Banksy: Activist, Anarchist, or Consumer Art Addict?

Banksy’s art, politics and controversies have made them a household name since their first appearances in the early 2000s. His works, which have appeared both on decrepit London walls and prestigious art galleries, touch upon the absurd and the familiar, the outrageous and the heart-warming. The photo heading this article, which depicts the famous “napalm girl” surrounded by popular American, capitalist figures is a shining example of the message Banksy often gives out. He is both the illusory anarchist and the middle-class hipster’s idol. But more than that, he is worth a whole lot of money. You should spot the contradiction that comes with the words ‘anarchist’ and ‘money’ being used to describe the same person, a contradiction which forms my article today.

My article was also inspired by the recent new surrounding Banksy; his shredding of a $1.4 million painting seconds after it had just been auctioned off. The act, which took those in the room very much by surprised, has had a mixed critical reaction. Some of which, in the likes of critic Jerry Saltz, is overwhelming positive, joining in to what he believes is Banksy’s mocking of the modern consumer art market; whose hive minds will buy just about anything anyone else will. This would certainly fall in line with the direction of many of Banksy’s other works, such as that above, of the “napalm girl”, and below, where he follows in these anti-capitalist, anti-authority themes.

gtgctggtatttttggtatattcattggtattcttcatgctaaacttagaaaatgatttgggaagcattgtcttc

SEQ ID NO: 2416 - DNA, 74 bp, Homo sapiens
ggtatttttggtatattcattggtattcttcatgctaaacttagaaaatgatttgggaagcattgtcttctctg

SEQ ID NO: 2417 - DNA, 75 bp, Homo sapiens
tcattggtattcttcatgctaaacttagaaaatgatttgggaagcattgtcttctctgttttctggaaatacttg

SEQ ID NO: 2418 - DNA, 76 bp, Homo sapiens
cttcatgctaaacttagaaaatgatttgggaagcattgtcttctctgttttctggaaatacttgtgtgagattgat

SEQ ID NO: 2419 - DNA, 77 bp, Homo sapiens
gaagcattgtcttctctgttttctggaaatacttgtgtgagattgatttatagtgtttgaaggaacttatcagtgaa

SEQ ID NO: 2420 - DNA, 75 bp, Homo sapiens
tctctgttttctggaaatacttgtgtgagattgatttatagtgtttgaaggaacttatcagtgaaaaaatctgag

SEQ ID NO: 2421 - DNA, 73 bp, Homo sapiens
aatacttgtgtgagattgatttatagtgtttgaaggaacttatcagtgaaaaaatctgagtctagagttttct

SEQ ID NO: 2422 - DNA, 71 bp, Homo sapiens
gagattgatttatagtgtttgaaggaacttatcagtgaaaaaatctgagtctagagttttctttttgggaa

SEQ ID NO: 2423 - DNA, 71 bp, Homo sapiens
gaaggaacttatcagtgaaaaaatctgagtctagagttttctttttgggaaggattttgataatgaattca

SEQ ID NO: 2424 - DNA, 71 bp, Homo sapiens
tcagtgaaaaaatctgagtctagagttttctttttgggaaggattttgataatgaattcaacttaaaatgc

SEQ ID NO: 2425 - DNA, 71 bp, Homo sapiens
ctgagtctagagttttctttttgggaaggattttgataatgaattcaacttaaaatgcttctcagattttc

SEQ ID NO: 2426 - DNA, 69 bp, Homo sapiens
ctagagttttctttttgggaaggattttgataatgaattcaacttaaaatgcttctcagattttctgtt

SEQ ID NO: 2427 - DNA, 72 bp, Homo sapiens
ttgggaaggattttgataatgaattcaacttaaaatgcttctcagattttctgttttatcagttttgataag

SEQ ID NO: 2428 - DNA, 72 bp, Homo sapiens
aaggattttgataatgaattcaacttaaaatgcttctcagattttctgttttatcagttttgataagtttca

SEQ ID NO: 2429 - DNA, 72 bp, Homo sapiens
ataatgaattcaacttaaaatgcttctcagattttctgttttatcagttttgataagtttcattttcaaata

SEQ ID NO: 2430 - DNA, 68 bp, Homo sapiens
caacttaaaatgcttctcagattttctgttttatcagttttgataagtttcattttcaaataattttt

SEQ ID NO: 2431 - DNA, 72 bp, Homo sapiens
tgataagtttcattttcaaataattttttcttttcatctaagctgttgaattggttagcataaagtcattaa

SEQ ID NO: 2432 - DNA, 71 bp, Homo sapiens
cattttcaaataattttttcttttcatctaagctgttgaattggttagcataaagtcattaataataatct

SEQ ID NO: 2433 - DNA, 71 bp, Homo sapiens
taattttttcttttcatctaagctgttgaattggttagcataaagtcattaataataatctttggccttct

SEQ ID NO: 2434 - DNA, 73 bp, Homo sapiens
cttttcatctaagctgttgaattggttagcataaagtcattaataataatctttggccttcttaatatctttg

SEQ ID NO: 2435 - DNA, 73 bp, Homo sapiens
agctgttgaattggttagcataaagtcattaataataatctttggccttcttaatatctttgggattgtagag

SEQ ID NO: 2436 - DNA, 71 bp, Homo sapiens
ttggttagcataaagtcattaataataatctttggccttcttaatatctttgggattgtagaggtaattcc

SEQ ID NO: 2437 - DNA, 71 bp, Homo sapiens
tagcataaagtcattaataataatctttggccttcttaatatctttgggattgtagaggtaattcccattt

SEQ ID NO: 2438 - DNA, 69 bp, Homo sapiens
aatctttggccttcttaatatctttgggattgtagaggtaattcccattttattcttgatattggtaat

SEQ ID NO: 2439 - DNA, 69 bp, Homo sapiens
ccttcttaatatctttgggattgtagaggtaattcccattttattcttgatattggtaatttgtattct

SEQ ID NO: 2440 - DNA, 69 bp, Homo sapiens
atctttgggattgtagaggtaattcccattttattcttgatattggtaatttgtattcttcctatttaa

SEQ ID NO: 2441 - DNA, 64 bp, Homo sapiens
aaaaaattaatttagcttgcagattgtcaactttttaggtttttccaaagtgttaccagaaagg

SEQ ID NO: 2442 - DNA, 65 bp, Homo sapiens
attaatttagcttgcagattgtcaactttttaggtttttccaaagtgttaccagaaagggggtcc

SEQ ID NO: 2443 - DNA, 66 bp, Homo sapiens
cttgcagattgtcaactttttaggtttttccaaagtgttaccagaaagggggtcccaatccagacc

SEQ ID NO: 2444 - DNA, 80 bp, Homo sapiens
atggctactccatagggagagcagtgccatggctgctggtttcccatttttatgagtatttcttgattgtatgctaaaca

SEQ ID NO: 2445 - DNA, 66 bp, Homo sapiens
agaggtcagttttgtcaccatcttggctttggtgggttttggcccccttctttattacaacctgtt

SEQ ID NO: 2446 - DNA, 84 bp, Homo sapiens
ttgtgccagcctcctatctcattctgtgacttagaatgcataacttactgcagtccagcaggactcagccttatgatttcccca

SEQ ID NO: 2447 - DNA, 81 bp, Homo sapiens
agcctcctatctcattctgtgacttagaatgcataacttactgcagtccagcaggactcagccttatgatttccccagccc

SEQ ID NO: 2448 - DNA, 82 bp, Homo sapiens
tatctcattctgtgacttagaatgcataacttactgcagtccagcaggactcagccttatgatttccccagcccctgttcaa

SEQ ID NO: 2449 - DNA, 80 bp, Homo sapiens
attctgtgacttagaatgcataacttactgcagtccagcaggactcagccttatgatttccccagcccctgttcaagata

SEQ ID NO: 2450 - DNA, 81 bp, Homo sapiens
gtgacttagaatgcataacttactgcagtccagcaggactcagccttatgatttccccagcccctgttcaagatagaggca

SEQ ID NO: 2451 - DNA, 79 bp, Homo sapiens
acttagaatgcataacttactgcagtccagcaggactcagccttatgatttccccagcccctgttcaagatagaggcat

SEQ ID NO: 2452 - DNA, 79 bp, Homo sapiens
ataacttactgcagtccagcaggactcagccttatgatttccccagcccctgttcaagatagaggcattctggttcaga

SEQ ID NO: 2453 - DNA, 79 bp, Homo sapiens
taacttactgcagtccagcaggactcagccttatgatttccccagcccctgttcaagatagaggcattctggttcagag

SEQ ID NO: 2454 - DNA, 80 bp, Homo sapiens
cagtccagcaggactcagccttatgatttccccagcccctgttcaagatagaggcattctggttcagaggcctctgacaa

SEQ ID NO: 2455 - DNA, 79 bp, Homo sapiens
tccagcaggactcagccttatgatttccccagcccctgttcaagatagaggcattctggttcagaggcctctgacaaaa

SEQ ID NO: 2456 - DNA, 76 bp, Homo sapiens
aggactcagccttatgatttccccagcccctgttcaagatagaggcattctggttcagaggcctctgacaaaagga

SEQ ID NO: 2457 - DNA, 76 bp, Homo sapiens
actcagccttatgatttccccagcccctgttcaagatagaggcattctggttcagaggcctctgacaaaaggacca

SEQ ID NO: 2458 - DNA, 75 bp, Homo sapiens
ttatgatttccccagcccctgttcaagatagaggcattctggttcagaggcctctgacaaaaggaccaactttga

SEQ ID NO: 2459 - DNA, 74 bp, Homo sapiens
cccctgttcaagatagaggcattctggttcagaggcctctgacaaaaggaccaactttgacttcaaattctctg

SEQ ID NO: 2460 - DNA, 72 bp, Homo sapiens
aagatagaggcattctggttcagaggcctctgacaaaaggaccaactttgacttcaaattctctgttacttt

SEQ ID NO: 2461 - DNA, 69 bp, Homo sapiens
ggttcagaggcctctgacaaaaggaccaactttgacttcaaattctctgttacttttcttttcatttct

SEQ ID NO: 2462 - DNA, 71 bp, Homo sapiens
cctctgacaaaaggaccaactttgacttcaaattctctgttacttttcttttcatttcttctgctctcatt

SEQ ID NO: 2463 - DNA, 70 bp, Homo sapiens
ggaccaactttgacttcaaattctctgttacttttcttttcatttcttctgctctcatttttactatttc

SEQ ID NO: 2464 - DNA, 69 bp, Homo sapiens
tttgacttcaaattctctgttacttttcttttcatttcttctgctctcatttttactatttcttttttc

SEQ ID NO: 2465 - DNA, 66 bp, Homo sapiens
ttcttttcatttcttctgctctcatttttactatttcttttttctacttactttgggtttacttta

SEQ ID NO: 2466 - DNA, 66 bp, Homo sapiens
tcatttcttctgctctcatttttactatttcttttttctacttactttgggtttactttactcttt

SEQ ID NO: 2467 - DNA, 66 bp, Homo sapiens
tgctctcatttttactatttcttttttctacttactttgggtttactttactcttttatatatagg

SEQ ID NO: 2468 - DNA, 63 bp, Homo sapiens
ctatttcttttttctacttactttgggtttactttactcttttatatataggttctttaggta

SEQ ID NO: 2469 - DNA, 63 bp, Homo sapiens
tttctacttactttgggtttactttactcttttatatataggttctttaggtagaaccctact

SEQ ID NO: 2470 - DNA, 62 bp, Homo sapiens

Taken from geograph.org.

But can we attribute such characteristics to a figure that, quite famously, we know absolutely nothing about? Some people are not so convinced, and you can see why when Banksy’s art is very much a part of the art world that he is supposedly criticising. Priscilla Frank, from the Huffington Post, rightly points out that the half-shredded piece could soon double in price, and be worth approximately $2.6 million dollars. One might ask, if he intended to be anti-establishment, why not shred the whole thing entirely? To leave it half-destroyed is to keep it as a priceless artwork, still workable in a frame that can be sold at another high-end auction. Maybe it’s all just a fad, with Banksy cashing in on rebellious sentiment to make all the more money. When you consider that Banksy’s work is often very derivative of the French Blek le Rat, who popularised stencil graffiti, and that perhaps some of his work is really not that deep, then some of those admiring attitudes might change.

But maybe it shouldn’t surprise us that, in this post-capitalist world, artists and companies commodify left-wing sentiment for their own gain. When global businesses express their support for LGBT rights, or against Trump, remember that they do it with a certain profit-motive in mind. They have an audience to garner, and will say whatever they need to keep you on side. Art, as a commodity in itself, is no different; all those edgy Che Guevara t-shirts are lining investor’s pockets somewhere.

Due to Banksy’s amassed wealth, of which we know nothing of where it is spent, and their stunts which only extrapolate that hoard, I struggle to fall for his anti-capitalist ideas. Sure, he claims to be anti-Tory and does vandalise property with his art in the name of anti-establishmentarianism, but how much of that is a ploy, an image curated over the years to take more of our money. I would love to hear your opinion, so if you have one, comment below!

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